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When was the last time you heard of a journalist suggesting another journalist might be guilty of a prosecutable crime in revealing state secrets?
I can’t remember the last time I heard of it. But it happened last Sunday in the pages of the
Post columnist David Ignatius raised just that possibility in a piece titled,
“When Does Blowing Secrets Cross the Line?”
One thing the column makes crystal clear: Someone is out to get Gertz. It’s no wonder. Gertz’s scoops have driven the Clinton administration crazy for the last eight years. But Gertz is hardly a partisan muckraker. He’d been doing his job and doing it well long before Bill Clinton rode into town.
And, of course, the Post not only has the means but the motive to attack Gertz and his paper, the Times, which has been a nuisance to its goal of establishing a news monopoly in Washington for the last 15 years.
But, even so, this piece by Ignatius is bold in the way it lays the public relations foundation, ever so cleverly, for an investigation of Gertz. That’s not something you see everyday — journalists going after other journalists by suggesting they are somehow operating outside of their First Amendment-protected role.
Ignatius does more than suggest that Gertz is reckless in his reporting — not with the facts, mind you, but with his passion for getting those facts to the American people. Ignatius takes the time to do the government’s bidding.
He even cites a Defense Intelligence Agency crime report filed with the FBI after the publication of one of Gertz’s stories, suggesting that his disclosures “could result in the death of American service (personnel).”
He quotes one unnamed intelligence community official as saying, “What’s so infuriating is his gratuitous and unnecessary specificity. He could make his point about China shipping technology to North Korea, or whatever, without saying it’s a SIGINT intercept. He could push his agenda in a way that didn’t jeopardize the sources.”
And then the piece de resistance from Ignatius himself: “So why doesn’t the government do something to prosecute the folks who are leaking secrets to Gertz? The answer seems to be that the Justice Department, perhaps wisely, wants to avoid a politically explosive hunt for a journalist’s sources. Justice discussed whether to investigate Gertz’s sources several years ago, according to one former top executive, but officials decided they couldn’t identify and prosecute the leakers without wiretapping Gertz, which they couldn’t do.”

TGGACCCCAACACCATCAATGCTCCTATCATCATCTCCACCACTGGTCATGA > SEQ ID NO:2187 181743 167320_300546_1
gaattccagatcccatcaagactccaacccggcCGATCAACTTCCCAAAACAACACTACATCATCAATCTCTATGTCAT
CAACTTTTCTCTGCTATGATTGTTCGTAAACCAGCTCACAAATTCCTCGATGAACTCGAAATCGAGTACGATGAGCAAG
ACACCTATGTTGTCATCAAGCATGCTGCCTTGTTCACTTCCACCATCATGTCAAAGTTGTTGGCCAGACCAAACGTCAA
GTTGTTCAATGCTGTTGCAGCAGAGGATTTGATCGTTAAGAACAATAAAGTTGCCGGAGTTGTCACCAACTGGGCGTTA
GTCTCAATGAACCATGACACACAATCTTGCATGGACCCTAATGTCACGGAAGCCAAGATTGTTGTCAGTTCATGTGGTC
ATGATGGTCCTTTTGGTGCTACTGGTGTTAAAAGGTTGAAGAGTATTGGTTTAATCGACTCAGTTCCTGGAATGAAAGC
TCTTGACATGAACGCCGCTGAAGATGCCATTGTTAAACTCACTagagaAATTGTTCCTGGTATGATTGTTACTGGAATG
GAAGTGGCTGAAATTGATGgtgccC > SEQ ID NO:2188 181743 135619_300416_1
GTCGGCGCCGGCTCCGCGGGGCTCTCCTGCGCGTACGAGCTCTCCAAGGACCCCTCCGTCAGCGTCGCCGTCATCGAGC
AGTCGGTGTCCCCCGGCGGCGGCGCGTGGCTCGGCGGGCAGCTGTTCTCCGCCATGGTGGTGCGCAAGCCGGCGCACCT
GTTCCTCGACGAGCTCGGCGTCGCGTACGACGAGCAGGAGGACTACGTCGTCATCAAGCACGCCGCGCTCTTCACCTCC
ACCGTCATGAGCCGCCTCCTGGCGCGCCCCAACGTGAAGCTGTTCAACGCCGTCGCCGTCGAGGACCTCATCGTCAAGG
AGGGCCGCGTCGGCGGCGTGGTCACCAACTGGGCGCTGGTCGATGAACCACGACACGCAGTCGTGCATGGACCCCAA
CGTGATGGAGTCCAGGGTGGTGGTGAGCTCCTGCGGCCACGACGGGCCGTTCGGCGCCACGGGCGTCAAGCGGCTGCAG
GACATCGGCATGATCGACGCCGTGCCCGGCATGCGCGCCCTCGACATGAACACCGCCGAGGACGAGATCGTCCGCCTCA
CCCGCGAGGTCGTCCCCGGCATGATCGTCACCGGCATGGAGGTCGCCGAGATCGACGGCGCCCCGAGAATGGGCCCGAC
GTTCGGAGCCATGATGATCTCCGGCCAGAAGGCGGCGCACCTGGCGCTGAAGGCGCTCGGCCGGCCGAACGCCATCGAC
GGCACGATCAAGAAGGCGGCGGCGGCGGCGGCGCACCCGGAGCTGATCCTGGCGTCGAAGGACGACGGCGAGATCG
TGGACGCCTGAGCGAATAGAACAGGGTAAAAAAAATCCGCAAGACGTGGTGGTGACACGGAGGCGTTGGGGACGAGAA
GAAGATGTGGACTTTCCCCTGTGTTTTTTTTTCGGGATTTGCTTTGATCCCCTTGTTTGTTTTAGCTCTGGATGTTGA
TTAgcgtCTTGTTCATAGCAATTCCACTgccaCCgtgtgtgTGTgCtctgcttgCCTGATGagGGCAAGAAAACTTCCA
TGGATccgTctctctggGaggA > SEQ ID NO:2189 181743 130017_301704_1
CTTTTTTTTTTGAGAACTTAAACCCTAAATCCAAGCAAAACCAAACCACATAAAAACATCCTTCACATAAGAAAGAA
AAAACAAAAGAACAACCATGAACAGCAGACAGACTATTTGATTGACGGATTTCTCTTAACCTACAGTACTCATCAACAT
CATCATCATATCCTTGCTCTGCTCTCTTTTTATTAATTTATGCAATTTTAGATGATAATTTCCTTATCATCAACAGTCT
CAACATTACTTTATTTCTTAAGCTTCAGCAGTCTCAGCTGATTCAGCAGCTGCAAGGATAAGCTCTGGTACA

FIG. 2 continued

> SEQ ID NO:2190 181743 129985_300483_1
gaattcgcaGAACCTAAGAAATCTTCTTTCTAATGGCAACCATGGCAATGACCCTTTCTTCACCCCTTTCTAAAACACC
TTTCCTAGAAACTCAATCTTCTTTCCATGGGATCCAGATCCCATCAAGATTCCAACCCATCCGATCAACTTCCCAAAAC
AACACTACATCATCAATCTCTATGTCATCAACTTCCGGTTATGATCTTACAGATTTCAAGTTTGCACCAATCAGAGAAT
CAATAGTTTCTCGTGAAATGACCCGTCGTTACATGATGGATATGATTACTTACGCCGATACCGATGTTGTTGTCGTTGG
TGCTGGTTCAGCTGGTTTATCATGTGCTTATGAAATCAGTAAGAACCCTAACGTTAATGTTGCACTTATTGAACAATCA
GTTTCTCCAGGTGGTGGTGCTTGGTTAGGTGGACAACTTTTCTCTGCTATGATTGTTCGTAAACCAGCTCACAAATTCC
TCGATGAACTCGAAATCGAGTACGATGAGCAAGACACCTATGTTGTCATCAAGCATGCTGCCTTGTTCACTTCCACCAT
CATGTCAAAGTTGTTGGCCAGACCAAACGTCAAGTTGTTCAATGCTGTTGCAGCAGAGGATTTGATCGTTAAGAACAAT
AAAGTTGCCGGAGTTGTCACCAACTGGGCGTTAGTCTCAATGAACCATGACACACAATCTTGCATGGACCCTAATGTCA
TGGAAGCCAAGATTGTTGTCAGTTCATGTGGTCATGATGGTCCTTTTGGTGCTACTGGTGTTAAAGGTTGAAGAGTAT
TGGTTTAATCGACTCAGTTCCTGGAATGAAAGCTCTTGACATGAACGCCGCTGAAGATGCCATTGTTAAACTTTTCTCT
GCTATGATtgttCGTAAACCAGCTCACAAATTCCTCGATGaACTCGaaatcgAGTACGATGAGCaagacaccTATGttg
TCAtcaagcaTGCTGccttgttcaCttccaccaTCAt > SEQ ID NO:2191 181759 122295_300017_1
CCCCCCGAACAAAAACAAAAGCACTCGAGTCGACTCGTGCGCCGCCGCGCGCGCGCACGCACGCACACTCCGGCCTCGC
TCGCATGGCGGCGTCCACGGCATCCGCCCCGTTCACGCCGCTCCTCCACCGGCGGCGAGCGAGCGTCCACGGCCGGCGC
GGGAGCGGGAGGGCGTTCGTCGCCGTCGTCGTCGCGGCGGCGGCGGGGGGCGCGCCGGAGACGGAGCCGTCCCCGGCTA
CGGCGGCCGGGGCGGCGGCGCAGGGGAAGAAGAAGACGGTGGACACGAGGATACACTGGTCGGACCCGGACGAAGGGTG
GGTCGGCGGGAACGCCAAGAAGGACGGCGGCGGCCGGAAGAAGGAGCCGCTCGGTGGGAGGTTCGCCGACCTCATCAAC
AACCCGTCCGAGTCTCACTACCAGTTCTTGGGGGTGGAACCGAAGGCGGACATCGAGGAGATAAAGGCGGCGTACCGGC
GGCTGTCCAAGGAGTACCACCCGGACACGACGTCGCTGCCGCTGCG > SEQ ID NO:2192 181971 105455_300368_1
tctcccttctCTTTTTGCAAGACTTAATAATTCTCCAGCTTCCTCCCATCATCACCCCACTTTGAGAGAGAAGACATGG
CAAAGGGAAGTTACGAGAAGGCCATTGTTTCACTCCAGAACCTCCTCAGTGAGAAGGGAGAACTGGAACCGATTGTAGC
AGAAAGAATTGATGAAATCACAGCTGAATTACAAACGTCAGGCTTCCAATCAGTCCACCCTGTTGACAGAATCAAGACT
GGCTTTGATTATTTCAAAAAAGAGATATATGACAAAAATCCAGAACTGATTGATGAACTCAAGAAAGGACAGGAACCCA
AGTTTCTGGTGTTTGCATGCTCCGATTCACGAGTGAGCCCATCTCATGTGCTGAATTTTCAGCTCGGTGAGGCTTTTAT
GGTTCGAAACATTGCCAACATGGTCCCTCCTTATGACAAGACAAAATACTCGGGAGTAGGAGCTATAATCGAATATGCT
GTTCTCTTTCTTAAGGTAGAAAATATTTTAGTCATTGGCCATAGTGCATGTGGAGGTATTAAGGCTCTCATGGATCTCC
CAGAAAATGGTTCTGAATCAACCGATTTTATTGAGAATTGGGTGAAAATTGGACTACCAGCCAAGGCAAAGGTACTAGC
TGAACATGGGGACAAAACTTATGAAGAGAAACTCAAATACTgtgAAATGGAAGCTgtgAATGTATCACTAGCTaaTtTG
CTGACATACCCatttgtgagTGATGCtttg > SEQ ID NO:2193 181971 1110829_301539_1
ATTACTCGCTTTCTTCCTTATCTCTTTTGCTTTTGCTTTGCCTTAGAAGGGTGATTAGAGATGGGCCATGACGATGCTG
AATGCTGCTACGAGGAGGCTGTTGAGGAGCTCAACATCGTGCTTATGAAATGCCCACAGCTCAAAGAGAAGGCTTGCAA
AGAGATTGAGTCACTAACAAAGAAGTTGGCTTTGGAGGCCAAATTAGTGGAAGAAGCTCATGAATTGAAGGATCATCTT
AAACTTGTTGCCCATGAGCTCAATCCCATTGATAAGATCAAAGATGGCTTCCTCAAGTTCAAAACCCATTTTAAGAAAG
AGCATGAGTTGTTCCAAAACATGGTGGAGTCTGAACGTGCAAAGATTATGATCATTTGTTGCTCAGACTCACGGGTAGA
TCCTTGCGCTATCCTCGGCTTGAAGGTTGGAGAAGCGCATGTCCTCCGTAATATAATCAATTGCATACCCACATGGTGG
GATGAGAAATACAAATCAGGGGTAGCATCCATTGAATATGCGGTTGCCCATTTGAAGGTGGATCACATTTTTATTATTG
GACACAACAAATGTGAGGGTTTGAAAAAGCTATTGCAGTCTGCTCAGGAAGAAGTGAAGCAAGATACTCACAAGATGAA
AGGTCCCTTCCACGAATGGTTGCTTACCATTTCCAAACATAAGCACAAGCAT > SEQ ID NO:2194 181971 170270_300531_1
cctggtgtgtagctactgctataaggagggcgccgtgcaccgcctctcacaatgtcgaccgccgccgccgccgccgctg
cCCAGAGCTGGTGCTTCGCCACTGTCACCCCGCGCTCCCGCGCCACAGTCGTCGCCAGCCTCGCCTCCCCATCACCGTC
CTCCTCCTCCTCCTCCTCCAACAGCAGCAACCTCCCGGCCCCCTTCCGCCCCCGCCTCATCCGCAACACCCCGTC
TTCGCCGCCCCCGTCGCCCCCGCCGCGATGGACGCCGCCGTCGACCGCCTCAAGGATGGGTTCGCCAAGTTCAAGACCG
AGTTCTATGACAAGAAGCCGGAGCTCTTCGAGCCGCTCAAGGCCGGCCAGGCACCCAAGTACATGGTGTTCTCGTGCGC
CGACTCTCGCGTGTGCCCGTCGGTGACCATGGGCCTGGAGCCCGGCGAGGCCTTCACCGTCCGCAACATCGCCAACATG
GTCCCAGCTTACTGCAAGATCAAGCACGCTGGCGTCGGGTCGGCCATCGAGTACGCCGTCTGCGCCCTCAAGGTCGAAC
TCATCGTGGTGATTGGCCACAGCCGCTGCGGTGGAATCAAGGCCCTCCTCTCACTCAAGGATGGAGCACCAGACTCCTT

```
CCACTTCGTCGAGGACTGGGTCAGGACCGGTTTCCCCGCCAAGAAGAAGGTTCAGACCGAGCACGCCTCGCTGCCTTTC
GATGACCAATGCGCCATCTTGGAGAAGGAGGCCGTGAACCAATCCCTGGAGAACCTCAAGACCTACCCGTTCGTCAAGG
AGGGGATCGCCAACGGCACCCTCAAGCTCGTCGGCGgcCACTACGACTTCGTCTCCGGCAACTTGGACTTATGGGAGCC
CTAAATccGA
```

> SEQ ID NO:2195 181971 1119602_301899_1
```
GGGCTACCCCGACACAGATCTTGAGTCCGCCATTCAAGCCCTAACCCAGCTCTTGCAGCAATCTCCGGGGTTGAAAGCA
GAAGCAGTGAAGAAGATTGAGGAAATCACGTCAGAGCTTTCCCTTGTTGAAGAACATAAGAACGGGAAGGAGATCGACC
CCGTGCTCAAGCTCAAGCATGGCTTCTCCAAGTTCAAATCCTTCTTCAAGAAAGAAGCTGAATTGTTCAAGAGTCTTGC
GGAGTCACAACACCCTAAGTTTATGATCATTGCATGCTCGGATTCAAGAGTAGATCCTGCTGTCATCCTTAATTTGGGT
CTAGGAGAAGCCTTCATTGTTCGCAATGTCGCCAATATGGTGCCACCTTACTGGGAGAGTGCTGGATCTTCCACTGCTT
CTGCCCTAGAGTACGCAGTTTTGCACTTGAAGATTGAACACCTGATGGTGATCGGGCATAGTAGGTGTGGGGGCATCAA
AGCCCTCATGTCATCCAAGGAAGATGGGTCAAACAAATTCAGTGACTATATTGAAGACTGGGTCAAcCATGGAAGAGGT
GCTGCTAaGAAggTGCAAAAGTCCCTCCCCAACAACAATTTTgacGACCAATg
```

Hmmmm. Like I said, that’s not something you see every day — a not-so-veiled argument for the government to go after a fellow reporter. And, make no mistake, that’s what it would take to go after Gertz’s sources. Wiretapped conversations wouldn’t be enough to ensure conviction. The real reason Justice hasn’t pursued such an investigation is because it would mean Gertz would have to give up his sources. Knowing Bill Gertz as I do, I can assure you that will never happen. Gertz would go to jail before he would betray such a professional confidence. I’m sure that would make David Ignatius and his friends at the Post happy in the short term. Perhaps they’re not thinking far enough into the future. Some day, if and when the Post rediscovers the investigative zeal it possessed during Watergate, it may be the Post’s turn to face such government scrutiny.
I’ll tell you what. If David Ignatius and the Washington Post are really concerned about compromises of national security, let me suggest their time would be better spent focusing on the way the Clinton administration has sold out secrets — including the most vital and sensitive ones concerning nuclear weapons and missile technology — to America’s enemies. It has been Bill Gertz often leading the way in that kind of reporting. Where has the Post been?
Far from persecuting Bill Gertz for his intrepid reporting, someone ought to be creating a new national medal of honor award for the guy — and, perhaps, for the handful of other journalists like him who take their work seriously come hell, high water or government intimidation.